The current opponents keep using the term â€śmandateâ€ť. The theoretical advantage of MMP is that minority groups and small parties get an influence. The implication of the current opponents is that if you did not achieve 50% in the general election then you have no mandate for change (for example Ian Leckieâ€™s last statement on Q&A on August 5th). On this basis I would expect the Labour and Greens to change no laws if they are able to be a part of a future government (e.g. on the basis of the 32% and 12% respectively from the latest Colmar Brunton poll) as neither will have a â€śmandateâ€ť.
Not only is the lack of honesty and constructive discourse disrespectful to the general public the opponents are also disrespecting parents by telling them that they know best for their children. No one will be forced to go to Partnership Schools and they wonâ€™t be zoned. What is it about the opponents of the policy that they consider that parents lack the ability to make sound educational choices for their own children? Their fear is that parents will line up for these schools in droves (and they will if it is done properly).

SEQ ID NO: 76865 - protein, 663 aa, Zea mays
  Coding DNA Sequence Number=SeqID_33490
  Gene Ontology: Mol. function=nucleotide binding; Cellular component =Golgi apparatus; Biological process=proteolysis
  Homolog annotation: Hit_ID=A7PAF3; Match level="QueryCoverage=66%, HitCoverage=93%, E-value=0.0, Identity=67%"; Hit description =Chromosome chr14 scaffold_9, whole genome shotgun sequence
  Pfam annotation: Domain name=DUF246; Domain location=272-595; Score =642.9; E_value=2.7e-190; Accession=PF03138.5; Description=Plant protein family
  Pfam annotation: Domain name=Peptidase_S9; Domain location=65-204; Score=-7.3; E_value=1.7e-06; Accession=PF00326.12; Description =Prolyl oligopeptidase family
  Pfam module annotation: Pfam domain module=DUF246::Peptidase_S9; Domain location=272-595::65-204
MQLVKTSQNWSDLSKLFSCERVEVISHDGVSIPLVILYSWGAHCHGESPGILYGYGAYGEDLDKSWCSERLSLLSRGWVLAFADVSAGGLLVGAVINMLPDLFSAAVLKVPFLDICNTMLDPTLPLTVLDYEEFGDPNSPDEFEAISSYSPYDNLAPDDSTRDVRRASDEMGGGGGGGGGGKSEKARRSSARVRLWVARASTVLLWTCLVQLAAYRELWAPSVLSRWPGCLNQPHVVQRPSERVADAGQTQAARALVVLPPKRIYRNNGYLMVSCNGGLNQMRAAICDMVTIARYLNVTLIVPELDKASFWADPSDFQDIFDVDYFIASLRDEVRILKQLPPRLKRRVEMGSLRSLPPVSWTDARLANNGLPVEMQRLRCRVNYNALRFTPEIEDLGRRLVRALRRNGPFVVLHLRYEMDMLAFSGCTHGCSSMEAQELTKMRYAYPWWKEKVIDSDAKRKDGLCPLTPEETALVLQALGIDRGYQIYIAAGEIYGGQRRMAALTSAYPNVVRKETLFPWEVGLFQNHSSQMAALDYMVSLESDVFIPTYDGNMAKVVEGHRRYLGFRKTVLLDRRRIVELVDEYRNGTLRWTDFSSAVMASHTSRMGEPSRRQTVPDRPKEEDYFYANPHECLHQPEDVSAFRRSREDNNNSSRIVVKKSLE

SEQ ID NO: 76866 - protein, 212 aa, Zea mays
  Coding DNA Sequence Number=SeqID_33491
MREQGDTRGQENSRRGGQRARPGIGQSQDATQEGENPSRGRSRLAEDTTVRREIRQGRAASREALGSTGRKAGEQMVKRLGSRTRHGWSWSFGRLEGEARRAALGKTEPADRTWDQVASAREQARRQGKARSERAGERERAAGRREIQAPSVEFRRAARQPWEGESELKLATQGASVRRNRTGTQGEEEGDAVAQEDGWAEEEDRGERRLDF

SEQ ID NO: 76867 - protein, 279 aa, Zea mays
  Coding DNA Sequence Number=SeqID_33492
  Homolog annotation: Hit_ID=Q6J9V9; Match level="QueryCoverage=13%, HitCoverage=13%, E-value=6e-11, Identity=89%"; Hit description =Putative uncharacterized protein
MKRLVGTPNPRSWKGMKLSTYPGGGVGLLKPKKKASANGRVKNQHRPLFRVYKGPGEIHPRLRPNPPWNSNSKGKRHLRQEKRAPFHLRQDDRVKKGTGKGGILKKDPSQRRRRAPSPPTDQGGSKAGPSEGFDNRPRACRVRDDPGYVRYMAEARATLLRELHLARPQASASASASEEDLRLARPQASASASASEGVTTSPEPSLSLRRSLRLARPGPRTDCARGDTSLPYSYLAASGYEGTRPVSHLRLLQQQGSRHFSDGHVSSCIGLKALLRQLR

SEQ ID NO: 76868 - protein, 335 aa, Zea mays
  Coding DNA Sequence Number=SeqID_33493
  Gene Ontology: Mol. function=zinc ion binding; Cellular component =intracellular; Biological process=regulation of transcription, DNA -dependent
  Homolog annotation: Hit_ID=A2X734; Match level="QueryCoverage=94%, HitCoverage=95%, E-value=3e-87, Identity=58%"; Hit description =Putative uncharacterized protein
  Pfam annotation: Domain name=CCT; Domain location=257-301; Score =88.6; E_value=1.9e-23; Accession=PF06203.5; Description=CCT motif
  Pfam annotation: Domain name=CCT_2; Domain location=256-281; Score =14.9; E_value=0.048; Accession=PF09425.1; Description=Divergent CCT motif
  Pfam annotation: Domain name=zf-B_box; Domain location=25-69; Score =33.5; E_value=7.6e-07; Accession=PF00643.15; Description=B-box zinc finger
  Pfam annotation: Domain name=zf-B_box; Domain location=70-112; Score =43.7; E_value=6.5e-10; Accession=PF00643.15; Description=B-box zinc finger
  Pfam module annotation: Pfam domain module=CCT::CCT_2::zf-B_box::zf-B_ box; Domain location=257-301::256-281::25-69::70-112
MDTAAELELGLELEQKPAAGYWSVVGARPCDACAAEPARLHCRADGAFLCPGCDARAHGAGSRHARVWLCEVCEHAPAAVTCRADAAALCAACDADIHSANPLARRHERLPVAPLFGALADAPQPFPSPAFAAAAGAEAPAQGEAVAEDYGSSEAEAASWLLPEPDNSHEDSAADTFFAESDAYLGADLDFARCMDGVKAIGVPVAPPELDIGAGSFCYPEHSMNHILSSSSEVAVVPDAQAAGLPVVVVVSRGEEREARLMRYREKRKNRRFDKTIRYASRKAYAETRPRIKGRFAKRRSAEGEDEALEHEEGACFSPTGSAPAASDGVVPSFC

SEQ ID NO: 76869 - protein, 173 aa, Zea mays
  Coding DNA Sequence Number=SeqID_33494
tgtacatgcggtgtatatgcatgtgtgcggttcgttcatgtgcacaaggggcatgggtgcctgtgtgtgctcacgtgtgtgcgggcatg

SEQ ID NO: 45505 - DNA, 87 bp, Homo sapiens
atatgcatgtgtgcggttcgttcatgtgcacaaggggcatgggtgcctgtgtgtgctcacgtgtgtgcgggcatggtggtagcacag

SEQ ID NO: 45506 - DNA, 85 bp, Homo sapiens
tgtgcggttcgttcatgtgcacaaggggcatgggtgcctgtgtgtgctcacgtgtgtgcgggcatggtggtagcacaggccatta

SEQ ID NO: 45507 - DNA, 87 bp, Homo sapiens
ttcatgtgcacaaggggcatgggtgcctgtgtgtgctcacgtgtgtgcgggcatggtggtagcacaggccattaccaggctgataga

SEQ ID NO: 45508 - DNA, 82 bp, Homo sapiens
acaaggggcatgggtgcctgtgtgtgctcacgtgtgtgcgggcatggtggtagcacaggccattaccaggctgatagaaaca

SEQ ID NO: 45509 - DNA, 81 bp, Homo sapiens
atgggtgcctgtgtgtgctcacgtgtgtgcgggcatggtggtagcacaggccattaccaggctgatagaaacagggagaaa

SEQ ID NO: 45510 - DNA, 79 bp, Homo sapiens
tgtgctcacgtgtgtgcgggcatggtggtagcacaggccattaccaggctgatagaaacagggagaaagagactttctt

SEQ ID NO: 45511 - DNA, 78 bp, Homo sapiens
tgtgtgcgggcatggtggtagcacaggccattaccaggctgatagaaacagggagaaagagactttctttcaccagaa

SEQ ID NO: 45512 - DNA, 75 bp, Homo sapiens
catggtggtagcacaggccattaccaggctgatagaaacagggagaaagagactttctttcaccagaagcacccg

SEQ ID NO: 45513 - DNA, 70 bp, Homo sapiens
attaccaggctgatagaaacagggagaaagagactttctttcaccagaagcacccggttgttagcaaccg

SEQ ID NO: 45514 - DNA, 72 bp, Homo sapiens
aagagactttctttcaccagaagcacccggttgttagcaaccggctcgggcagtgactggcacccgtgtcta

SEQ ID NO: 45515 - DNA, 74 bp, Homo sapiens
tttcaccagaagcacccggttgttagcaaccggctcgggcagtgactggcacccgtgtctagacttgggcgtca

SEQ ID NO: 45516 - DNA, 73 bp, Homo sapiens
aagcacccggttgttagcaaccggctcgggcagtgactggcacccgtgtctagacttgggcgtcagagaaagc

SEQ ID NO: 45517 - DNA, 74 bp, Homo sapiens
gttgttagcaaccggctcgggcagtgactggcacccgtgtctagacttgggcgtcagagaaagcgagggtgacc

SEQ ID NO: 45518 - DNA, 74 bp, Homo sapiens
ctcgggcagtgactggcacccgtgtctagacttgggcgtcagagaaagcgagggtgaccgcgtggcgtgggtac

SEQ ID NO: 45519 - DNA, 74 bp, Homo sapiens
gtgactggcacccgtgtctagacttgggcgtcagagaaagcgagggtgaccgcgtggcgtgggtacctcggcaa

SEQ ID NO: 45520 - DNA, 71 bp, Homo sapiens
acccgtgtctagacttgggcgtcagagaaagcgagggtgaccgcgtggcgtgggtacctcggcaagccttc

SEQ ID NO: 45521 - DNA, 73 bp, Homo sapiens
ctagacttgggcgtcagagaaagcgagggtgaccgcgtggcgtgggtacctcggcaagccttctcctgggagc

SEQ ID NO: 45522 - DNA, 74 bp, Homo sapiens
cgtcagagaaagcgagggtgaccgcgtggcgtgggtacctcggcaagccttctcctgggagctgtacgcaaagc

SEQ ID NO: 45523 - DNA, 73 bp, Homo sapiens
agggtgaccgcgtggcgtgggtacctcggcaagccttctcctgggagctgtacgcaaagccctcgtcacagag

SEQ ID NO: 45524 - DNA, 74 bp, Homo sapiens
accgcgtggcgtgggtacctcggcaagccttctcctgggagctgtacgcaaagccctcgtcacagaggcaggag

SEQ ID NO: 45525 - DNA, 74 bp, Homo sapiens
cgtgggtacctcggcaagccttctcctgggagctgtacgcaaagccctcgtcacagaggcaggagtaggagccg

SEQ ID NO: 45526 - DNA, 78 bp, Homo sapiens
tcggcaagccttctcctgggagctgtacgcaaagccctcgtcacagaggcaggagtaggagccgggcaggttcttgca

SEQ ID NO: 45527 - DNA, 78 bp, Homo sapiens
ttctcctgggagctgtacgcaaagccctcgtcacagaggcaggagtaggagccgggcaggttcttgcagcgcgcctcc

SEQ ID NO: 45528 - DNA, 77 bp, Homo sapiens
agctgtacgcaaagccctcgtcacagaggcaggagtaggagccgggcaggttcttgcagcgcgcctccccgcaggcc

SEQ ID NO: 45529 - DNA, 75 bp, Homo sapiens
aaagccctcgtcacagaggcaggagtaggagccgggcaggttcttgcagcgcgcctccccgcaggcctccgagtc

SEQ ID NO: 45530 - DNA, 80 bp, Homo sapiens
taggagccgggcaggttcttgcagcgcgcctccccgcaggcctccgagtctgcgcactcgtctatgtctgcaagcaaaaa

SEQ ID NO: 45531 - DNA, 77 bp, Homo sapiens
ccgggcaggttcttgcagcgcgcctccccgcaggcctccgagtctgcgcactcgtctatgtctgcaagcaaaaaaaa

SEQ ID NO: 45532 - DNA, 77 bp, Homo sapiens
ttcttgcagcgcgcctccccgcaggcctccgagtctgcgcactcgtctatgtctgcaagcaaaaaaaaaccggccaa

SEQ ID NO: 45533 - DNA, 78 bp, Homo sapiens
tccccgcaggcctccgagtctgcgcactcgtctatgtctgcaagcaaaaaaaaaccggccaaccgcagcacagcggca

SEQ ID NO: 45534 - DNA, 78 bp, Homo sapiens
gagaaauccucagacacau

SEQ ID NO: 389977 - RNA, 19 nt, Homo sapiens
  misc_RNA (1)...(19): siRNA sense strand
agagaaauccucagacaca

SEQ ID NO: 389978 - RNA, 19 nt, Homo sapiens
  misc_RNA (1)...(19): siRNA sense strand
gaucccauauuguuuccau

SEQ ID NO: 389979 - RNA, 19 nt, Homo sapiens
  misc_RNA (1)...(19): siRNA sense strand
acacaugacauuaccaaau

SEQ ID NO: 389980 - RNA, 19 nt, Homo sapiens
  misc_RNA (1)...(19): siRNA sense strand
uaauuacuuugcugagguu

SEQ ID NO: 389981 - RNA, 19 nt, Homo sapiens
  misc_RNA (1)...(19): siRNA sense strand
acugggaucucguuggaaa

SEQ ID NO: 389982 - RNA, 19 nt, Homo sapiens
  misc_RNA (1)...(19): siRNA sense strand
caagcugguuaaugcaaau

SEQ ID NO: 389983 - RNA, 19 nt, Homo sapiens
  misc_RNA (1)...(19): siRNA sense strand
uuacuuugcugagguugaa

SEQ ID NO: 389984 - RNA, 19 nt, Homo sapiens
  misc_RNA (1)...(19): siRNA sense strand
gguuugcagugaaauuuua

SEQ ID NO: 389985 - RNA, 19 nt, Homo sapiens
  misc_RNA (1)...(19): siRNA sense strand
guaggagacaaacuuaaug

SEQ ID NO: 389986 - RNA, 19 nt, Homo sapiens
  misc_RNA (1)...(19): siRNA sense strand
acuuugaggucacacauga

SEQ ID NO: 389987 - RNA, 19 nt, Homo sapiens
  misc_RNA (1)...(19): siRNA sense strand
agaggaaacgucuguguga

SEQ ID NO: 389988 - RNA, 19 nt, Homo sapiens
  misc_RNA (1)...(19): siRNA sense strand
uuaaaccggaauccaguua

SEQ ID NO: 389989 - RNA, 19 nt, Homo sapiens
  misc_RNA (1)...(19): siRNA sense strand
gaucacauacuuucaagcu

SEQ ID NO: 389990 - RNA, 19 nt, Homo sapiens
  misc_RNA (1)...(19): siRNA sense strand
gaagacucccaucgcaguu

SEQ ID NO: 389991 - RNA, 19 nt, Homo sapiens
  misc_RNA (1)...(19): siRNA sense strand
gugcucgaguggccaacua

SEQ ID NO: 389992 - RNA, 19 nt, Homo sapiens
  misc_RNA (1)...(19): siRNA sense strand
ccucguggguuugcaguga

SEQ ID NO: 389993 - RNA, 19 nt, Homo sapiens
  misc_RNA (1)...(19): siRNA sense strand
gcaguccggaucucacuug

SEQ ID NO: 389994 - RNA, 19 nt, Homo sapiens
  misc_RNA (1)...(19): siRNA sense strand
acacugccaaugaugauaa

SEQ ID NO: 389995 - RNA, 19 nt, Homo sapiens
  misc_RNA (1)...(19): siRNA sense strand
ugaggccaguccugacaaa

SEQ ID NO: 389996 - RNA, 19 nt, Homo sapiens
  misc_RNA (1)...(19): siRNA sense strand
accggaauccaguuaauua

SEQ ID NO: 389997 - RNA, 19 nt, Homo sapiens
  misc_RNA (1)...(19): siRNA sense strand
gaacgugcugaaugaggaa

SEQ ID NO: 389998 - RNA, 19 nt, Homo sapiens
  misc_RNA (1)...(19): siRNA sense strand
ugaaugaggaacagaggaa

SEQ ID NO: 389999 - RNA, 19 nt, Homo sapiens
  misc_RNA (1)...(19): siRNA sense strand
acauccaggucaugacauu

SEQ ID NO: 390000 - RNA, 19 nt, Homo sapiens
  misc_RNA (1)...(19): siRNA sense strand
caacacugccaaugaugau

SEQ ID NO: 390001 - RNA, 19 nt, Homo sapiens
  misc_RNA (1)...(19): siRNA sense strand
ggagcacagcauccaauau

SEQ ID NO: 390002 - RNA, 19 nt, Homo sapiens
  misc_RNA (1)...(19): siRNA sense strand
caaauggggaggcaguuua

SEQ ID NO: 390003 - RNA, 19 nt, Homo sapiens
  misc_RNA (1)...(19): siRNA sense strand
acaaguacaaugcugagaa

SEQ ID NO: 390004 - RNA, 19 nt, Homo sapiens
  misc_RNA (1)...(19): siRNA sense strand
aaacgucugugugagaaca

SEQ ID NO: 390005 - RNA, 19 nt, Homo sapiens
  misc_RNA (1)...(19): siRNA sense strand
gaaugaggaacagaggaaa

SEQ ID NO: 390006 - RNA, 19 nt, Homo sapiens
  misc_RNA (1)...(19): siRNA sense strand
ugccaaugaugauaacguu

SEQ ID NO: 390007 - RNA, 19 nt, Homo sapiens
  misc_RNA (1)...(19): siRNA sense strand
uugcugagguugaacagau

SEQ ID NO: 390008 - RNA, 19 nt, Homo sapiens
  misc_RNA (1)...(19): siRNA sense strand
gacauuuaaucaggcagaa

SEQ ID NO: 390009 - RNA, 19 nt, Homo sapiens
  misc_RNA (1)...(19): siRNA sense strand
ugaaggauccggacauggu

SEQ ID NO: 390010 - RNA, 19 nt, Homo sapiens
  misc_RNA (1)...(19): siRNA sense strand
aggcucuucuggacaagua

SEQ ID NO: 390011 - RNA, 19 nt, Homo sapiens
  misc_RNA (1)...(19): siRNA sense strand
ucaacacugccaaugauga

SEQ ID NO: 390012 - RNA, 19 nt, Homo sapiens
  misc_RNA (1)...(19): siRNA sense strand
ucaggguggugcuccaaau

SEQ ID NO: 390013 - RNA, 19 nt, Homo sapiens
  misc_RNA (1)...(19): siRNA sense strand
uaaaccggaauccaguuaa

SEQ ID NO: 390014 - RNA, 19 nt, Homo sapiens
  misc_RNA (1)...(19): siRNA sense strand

The media is growing quickly in its balance and knowledge on this subject. They do keep bringing out the sensationalist issues of the Destiny Church and the possibility of someone teaching Intelligent Design. On those two â€“ the Destiny Church may well be positioned to deliver very good schooling to children in some areas and their members pay tax too. Many churches are involved in education in NZ. And is the idea that someone might teach the concept that an intelligent being is behind the creation of the universe and life on Earth so new and radical.
A growing number of reports and editorials are acknowledging the positives and possibilities of this proposal and some reporters (including Corin Dann on Q&A) are clearly doing some research rather that simply parroting the nonsense of the current opponents.